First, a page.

It just occurred to me today, for no reason, really, that all my grade school teachers are surely dead.
Mrs. Bingham, first grade; Mrs. Santi, second grade (one of only two Roman Catholic families in our town of 500); Mrs. Short, third grade; Miss Hawkins (worst, worst, worst teacher ever and a horrible person) fourth grade; Mrs. Baldwin, 5th grade; Mrs. Martin, sixth grade.
Dead, all dead. The Dead are legion.
Miss Hawkins was the daughter of Dr. Hawkins who ran the pharmacy in Anawalt, though I'm sure he didn't have a doctorate, he was a pharmacist and wore a white coat, so we called him "Dr.". I think her given name was Grace, but it didn't matter, we called her "Miss Hawkins". She had a form of epilepsy and we had been briefed on what to do if she had a seizure. David Jordan was picked to run to the office and alert Principal Ramsey.
Then one day, it happened, she fell down after finding a pouch of chewing tobacco in Charlie Harmon's desk--Charlie was 3 years older than the rest of us and was just waiting to be 16 in the sixth grade to quit school. She was writhing on the floor, foaming at the mouth, making strange, inhuman sounds and David--always a good boy--jumped up to go to the office. But Billy Bridgeman and Donnie Davis stopped him at the classroom door.
"Let's ;just watch a while," Billy said.
And we did. She was an awful person and should have never been let loose near young children--smacking and hitting and humiliating all of us.
So we watched her jerk around for a few minutes and then David went to the office.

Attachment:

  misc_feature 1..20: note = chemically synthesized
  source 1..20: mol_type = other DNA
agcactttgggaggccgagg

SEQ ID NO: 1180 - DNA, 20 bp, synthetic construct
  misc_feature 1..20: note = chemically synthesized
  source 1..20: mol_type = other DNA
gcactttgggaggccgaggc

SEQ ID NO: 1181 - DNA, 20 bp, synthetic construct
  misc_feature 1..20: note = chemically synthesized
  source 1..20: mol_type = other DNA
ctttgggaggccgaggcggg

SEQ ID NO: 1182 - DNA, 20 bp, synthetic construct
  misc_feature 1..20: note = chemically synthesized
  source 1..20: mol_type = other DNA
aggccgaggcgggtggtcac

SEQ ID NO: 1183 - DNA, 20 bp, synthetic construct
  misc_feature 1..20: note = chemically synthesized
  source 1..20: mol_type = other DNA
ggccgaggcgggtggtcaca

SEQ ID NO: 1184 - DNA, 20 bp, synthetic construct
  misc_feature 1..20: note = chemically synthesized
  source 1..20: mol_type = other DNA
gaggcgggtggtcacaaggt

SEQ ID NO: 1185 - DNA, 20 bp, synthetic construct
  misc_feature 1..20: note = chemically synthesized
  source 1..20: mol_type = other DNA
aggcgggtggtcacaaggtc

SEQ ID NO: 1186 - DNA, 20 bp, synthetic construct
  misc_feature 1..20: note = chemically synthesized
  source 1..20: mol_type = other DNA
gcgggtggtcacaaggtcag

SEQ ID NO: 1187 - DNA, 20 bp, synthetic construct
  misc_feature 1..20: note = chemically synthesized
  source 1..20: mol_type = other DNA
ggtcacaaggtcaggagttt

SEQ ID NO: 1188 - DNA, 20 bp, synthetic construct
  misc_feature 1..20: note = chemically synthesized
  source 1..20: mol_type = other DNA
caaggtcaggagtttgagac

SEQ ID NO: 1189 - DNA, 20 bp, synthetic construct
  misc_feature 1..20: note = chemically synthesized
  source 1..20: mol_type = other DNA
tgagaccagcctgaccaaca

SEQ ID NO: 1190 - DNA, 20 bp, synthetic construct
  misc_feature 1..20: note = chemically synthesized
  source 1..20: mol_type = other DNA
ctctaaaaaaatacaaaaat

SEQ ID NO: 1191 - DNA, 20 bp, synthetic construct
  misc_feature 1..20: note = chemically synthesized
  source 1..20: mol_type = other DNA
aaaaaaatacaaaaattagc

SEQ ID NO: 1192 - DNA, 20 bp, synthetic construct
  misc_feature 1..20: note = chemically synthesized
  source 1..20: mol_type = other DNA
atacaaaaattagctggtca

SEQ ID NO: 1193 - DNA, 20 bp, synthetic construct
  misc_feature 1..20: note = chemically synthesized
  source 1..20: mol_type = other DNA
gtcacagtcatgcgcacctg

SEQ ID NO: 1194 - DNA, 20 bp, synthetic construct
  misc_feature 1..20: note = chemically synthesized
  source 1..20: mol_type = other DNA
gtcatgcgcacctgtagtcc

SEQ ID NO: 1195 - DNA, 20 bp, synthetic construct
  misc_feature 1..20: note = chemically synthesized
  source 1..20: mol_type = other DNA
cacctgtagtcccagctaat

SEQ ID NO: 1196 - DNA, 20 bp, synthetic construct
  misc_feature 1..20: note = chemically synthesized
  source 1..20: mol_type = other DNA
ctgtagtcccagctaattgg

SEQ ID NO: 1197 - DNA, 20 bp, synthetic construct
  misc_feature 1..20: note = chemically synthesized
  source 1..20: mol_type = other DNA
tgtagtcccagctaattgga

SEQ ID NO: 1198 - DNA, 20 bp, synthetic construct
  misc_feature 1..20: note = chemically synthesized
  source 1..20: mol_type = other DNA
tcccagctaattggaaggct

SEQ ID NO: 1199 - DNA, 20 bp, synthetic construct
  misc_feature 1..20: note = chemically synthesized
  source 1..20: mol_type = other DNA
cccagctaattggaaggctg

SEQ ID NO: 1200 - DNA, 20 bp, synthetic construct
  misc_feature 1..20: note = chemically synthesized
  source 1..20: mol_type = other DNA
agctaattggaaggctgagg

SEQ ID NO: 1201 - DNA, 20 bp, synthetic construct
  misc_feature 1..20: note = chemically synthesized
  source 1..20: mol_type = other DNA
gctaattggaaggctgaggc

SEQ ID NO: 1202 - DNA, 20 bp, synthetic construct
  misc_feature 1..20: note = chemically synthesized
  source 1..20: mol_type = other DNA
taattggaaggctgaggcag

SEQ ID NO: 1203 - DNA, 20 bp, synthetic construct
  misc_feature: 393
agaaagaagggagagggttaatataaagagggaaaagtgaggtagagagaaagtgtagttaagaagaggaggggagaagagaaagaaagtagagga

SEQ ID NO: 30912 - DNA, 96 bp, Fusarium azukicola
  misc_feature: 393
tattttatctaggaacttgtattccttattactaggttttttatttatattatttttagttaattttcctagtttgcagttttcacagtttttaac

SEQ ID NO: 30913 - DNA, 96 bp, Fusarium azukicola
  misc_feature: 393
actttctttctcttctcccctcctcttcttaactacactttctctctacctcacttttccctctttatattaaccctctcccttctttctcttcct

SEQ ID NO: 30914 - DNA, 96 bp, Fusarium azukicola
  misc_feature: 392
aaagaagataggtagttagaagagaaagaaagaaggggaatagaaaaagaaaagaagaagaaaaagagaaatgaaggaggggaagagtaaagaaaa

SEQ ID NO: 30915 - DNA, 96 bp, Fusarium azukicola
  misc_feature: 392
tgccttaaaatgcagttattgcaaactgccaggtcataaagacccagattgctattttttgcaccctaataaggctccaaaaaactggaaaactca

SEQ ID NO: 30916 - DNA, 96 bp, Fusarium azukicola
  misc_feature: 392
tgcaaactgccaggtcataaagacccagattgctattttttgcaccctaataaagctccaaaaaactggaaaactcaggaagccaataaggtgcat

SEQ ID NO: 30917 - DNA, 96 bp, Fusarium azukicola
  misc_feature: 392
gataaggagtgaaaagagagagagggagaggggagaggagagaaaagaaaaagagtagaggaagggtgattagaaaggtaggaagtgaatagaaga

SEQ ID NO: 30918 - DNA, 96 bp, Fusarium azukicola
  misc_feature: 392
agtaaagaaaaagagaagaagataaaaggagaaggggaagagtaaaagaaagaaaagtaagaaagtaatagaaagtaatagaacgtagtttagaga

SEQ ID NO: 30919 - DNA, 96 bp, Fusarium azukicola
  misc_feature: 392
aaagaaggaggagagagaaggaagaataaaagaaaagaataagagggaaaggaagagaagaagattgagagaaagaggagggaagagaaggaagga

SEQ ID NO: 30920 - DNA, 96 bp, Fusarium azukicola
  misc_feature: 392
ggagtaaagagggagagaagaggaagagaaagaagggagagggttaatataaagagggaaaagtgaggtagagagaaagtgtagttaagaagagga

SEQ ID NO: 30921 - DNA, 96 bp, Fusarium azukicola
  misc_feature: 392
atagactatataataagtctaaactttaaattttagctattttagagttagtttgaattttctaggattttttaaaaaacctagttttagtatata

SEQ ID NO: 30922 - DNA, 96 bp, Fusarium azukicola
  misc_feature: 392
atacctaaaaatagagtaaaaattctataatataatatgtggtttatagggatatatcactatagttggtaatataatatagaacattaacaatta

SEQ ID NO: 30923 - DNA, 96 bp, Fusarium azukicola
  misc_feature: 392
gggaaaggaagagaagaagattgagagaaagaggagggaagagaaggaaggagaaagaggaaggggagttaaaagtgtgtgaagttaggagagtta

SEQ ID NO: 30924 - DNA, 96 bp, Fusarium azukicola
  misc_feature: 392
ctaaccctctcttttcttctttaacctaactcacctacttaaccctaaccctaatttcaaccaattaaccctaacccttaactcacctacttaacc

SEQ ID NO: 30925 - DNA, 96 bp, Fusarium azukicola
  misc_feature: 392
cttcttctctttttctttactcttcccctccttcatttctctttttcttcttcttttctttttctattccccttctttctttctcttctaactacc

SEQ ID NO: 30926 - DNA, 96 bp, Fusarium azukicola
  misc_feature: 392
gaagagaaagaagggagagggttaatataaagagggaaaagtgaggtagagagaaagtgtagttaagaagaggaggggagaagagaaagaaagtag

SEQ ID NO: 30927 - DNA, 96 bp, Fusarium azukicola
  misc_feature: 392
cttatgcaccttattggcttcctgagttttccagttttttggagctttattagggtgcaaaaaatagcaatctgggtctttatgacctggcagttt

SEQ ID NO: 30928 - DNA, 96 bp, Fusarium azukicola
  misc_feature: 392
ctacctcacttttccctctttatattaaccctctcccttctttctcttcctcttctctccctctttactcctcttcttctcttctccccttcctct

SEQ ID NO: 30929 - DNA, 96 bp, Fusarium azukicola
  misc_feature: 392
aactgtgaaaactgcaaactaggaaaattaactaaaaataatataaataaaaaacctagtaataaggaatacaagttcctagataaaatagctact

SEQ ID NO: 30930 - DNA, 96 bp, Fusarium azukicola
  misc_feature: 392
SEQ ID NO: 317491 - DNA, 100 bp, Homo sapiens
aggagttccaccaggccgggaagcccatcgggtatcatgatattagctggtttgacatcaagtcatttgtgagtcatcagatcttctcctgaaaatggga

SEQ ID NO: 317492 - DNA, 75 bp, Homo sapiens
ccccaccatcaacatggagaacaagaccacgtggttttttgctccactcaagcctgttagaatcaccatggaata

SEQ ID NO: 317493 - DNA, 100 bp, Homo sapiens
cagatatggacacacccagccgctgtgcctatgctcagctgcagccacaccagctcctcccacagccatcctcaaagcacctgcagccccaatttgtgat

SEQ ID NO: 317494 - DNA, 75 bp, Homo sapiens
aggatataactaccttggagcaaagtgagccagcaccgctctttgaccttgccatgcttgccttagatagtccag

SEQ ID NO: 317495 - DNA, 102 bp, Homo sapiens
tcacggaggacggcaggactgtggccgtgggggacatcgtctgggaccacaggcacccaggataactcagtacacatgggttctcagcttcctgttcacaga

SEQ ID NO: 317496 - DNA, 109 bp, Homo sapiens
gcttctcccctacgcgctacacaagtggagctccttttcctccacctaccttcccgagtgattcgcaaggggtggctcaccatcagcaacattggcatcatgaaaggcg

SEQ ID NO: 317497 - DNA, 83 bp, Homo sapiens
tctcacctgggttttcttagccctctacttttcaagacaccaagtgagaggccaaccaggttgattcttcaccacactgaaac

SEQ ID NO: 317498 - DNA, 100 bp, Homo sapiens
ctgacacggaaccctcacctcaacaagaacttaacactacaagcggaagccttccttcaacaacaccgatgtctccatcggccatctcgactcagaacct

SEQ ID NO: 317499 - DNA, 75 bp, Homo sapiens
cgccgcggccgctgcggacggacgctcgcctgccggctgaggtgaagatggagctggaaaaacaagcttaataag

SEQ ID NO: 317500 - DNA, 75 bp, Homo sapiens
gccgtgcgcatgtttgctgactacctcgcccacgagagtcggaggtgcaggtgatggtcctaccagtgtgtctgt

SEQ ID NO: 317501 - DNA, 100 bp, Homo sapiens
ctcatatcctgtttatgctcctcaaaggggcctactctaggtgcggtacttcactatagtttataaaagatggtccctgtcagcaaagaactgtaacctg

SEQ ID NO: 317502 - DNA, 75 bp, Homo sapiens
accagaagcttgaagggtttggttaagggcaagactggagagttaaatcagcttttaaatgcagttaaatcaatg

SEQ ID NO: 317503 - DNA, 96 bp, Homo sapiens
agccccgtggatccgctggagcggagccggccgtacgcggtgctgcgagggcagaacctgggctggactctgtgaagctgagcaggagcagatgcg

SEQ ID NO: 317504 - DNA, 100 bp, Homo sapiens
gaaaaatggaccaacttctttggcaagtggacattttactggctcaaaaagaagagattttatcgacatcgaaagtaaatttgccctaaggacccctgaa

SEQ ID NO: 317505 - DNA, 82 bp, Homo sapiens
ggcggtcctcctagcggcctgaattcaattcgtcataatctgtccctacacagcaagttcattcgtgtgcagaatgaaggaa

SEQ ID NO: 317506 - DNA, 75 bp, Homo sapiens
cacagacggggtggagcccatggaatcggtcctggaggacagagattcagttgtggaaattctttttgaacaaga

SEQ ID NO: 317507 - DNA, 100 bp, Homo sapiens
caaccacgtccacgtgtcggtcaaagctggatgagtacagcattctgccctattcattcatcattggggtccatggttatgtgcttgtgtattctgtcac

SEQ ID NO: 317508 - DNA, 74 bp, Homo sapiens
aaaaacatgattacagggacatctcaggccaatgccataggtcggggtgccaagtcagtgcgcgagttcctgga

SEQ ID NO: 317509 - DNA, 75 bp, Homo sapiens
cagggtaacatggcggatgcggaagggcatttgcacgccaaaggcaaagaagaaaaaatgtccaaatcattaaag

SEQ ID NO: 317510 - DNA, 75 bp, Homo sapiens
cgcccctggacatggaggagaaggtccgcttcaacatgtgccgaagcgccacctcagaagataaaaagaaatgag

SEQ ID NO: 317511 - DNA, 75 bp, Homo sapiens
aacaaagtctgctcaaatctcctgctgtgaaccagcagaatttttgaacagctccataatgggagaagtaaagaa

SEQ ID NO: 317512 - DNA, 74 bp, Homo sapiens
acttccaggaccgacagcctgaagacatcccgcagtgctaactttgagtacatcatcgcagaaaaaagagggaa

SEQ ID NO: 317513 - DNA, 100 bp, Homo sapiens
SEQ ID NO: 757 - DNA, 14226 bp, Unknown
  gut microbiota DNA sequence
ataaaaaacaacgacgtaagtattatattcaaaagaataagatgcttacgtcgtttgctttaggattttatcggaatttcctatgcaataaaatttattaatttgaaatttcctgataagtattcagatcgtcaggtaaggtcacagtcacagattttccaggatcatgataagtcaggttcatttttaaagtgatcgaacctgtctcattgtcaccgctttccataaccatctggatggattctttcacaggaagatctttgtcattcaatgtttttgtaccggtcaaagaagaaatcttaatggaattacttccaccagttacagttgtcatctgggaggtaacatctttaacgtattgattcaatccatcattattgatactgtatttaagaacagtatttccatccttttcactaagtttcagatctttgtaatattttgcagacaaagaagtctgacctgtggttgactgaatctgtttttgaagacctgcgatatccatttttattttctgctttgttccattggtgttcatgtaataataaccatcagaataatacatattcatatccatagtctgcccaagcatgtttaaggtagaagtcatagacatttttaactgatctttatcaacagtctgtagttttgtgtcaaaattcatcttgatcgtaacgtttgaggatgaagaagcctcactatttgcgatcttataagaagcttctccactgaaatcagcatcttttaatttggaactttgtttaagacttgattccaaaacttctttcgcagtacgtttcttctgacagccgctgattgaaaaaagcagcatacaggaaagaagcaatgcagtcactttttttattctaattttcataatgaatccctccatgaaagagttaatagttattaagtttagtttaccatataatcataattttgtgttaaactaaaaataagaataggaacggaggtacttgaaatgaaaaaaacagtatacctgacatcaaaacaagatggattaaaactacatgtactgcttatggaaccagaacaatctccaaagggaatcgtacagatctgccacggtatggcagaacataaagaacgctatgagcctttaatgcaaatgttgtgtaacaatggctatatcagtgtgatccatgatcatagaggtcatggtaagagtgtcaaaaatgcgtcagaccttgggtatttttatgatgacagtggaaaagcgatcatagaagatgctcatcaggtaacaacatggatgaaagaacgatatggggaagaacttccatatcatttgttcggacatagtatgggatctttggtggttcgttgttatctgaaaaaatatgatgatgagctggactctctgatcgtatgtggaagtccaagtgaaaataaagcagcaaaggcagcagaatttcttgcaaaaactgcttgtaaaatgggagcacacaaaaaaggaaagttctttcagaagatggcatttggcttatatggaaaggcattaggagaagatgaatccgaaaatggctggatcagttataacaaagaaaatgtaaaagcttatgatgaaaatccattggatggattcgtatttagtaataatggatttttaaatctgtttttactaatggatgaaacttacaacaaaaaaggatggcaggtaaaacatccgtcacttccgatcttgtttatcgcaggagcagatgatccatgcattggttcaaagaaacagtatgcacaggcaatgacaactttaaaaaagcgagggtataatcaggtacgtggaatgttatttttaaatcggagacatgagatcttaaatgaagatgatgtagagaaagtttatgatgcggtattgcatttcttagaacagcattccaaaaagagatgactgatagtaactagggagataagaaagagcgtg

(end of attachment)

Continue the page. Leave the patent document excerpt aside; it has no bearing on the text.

I'd never seen anyone have, what we, politically incorrect back then, called a 'fit'.
It was something.
And couldn't have happened to a more deserving person.
I know she's dead, she died when I was in high school, hopefully painfully, in agony. And all the others, people I admired, sometimes loved. All of them are surely dead as well since they were my parents' age and my parents have been dead for decades.
What an odd thought--that all my grade school teachers are dead. And how enlightening it is to realize much of my past (at 68) is dead. I won't even think about Junior High and High School teacher, though I'd bet only one or two are still alive and probably non compos mentus.
The past peels away after us, doesn't it?
The dead behind us are legion, aren't they? As we will be for those ahead of us.
Something to ponder and be bewildered by.
The way of life, I suppose. To shed the skin of the past and then be shed....
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